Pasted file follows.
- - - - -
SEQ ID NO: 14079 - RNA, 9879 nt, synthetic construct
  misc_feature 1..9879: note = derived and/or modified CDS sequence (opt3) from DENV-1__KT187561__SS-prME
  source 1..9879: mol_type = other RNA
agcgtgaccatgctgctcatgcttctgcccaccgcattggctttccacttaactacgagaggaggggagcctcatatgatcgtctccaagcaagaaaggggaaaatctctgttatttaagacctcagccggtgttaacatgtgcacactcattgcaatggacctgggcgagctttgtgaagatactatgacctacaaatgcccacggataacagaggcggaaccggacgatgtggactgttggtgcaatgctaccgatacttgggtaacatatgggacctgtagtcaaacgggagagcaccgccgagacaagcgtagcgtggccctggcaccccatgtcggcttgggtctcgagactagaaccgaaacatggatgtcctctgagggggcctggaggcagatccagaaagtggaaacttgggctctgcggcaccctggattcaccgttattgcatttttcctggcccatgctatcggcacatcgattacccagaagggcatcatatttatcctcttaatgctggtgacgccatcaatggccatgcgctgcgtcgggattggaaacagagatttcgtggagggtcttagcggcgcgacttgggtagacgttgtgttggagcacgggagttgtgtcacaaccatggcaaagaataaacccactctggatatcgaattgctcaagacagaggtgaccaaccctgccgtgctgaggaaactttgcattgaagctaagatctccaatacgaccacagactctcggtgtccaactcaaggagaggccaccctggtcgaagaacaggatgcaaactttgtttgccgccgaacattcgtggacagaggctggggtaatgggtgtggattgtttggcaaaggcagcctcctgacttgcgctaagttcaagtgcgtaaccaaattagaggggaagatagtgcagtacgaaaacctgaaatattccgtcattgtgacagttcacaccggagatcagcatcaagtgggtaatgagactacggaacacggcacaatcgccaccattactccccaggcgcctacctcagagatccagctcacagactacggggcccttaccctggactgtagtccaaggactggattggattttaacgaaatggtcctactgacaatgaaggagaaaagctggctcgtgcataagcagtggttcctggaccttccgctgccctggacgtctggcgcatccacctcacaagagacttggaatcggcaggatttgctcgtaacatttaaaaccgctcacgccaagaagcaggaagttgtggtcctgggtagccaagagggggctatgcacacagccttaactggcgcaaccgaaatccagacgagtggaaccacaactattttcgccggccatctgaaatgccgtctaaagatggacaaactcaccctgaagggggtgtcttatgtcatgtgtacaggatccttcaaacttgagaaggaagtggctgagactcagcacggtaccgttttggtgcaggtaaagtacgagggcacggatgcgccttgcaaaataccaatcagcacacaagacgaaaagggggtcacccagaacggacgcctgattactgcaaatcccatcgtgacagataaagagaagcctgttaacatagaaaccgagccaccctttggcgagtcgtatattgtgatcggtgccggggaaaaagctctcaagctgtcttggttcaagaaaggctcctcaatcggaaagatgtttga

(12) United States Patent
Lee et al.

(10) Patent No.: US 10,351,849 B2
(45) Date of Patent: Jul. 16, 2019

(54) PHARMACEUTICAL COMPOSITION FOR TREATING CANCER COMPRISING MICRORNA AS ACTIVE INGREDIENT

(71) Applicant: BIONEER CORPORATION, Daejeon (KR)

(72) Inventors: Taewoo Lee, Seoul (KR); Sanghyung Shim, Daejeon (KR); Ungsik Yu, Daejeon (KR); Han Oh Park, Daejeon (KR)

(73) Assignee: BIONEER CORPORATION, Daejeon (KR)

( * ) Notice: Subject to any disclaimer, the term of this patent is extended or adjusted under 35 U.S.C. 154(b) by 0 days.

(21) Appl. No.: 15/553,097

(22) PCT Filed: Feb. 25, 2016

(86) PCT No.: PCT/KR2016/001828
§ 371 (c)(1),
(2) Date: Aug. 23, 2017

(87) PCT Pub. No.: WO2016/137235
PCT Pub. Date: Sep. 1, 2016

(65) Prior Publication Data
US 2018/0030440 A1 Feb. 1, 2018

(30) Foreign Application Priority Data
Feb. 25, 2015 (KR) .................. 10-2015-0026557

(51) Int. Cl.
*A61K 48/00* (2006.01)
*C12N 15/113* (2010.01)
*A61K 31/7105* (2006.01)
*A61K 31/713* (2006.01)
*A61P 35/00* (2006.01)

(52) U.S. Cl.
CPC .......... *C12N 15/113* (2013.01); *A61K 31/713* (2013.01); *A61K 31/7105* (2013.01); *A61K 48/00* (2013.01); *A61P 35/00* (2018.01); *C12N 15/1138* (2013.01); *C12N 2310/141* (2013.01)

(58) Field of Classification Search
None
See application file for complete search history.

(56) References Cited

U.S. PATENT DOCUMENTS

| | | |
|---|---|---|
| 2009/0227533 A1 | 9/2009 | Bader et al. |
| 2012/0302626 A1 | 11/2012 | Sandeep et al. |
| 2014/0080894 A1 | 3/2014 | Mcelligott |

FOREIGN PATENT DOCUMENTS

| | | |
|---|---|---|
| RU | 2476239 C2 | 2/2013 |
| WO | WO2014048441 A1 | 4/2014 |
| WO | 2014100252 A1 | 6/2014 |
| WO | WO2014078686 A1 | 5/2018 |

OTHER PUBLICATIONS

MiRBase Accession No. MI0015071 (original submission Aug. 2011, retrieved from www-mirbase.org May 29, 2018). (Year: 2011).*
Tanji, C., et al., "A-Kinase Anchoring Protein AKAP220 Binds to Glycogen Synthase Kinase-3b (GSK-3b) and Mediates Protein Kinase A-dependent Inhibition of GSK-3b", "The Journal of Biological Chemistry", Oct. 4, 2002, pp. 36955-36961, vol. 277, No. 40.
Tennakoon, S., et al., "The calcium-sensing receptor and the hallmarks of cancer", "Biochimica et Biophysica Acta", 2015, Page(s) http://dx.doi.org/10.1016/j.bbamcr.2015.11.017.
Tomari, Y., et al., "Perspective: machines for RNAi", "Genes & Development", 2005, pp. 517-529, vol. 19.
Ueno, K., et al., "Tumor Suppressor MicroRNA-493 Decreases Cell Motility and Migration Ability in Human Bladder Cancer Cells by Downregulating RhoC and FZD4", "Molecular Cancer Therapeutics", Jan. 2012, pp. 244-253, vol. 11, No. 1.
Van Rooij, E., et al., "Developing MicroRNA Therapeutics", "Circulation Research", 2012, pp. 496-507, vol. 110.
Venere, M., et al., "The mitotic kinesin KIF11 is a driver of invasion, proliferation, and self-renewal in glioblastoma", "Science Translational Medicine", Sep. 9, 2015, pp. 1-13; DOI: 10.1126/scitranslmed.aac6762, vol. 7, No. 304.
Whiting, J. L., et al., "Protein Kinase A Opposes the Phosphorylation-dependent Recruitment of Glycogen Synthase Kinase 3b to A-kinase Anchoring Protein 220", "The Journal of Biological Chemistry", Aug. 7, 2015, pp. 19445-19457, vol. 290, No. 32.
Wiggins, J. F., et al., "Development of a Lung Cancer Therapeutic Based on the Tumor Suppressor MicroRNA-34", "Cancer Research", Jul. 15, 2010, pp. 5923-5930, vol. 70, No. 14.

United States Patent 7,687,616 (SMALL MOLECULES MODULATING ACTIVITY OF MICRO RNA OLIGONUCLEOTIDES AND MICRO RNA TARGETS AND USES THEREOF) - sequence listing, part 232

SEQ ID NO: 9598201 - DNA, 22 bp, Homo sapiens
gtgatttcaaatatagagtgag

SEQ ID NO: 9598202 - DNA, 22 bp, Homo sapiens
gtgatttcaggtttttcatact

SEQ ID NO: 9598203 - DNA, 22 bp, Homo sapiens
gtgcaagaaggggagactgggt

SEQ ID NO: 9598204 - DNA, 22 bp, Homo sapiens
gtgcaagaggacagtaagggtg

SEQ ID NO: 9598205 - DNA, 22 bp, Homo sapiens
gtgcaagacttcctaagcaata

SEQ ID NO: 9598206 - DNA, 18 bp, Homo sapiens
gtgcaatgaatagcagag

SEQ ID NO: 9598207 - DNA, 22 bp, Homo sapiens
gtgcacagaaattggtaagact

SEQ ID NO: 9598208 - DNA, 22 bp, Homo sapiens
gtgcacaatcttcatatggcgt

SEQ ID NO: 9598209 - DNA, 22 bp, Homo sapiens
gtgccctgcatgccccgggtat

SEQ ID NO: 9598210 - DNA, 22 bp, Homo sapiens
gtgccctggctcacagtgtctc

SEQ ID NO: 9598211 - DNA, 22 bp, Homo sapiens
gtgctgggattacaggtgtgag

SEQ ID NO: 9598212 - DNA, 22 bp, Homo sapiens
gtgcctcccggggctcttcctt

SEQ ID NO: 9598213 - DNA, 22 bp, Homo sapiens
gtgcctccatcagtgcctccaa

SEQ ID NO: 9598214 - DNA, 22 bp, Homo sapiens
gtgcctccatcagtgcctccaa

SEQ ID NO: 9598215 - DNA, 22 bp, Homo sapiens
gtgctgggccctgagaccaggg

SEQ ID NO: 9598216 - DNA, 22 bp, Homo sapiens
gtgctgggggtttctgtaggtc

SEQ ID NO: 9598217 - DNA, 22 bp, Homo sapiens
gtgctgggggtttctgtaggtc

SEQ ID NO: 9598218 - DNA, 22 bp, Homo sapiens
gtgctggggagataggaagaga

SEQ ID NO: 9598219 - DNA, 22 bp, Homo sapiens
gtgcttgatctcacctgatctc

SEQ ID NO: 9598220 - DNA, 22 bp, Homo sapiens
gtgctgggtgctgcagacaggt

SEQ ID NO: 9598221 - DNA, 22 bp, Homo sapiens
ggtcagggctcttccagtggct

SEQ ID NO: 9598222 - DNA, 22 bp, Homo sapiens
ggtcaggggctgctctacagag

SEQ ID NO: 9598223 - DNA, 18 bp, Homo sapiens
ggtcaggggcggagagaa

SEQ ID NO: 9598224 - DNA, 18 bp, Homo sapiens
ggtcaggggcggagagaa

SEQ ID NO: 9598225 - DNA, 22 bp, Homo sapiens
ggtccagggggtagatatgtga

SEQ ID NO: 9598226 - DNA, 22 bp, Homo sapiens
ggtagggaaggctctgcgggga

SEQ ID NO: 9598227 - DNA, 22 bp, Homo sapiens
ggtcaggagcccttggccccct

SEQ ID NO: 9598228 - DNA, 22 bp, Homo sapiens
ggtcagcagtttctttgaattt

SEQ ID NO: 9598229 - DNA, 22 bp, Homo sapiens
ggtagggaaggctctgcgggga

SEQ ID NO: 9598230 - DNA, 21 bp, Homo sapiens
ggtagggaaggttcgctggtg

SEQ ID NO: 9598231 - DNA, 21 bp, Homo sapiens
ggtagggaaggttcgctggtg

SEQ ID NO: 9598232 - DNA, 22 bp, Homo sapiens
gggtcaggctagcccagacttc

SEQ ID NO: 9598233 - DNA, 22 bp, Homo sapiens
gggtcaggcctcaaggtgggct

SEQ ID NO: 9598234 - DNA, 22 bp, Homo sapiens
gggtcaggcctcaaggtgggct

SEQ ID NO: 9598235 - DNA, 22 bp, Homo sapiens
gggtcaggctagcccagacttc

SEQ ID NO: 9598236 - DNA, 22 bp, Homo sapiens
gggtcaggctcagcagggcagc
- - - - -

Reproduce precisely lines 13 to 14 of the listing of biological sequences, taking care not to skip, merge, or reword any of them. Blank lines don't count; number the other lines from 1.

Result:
( * ) Notice: Subject to any disclaimer, the term of this patent is extended or adjusted under 35 U.S.C. 154(b) by 0 days.

(21) Appl. No.: 15/553,097